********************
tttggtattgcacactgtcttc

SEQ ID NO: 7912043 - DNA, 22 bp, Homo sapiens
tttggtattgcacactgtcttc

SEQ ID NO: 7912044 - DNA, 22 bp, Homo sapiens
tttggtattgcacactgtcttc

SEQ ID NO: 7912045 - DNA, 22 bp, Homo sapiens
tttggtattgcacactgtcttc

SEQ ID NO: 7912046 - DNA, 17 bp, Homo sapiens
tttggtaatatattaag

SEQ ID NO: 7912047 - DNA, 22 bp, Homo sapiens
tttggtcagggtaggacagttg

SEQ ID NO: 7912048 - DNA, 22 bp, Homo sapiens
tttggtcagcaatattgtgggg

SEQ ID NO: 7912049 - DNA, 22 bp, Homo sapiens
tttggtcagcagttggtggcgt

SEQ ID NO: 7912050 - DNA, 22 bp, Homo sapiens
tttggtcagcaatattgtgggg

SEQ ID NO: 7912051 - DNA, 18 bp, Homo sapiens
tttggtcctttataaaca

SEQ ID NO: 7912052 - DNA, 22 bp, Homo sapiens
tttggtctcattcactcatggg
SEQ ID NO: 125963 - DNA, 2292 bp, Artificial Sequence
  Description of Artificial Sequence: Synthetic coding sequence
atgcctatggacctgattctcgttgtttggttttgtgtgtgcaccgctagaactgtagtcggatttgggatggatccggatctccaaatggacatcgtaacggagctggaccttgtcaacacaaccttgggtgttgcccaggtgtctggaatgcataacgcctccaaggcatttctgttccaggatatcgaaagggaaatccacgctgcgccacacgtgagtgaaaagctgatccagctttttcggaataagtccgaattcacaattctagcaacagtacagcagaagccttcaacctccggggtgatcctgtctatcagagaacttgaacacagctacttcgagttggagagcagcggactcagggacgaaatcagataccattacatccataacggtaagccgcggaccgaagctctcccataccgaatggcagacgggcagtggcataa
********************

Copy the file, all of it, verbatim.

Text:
tttggtattgcacactgtcttc

SEQ ID NO: 7912043 - DNA, 22 bp, Homo sapiens
tttggtattgcacactgtcttc

SEQ ID NO: 7912044 - DNA, 22 bp, Homo sapiens
tttggtattgcacactgtcttc

SEQ ID NO: 7912045 - DNA, 22 bp, Homo sapiens
tttggtattgcacactgtcttc

SEQ ID NO: 7912046 - DNA, 17 bp, Homo sapiens
tttggtaatatattaag

SEQ ID NO: 7912047 - DNA, 22 bp, Homo sapiens
tttggtcagggtaggacagttg

SEQ ID NO: 7912048 - DNA, 22 bp, Homo sapiens
tttggtcagcaatattgtgggg

SEQ ID NO: 7912049 - DNA, 22 bp, Homo sapiens
tttggtcagcagttggtggcgt

SEQ ID NO: 7912050 - DNA, 22 bp, Homo sapiens
tttggtcagcaatattgtgggg

SEQ ID NO: 7912051 - DNA, 18 bp, Homo sapiens
tttggtcctttataaaca

SEQ ID NO: 7912052 - DNA, 22 bp, Homo sapiens
tttggtctcattcactcatggg
SEQ ID NO: 125963 - DNA, 2292 bp, Artificial Sequence
  Description of Artificial Sequence: Synthetic coding sequence
atgcctatggacctgattctcgttgtttggttttgtgtgtgcaccgctagaactgtagtcggatttgggatggatccggatctccaaatggacatcgtaacggagctggaccttgtcaacacaaccttgggtgttgcccaggtgtctggaatgcataacgcctccaaggcatttctgttccaggatatcgaaagggaaatccacgctgcgccacacgtgagtgaaaagctgatccagctttttcggaataagtccgaattcacaattctagcaacagtacagcagaagccttcaacctccggggtgatcctgtctatcagagaacttgaacacagctacttcgagttggagagcagcggactcagggacgaaatcagataccattacatccataacggtaagccgcggaccgaagctctcccataccgaatggcagacgggcagtggcataa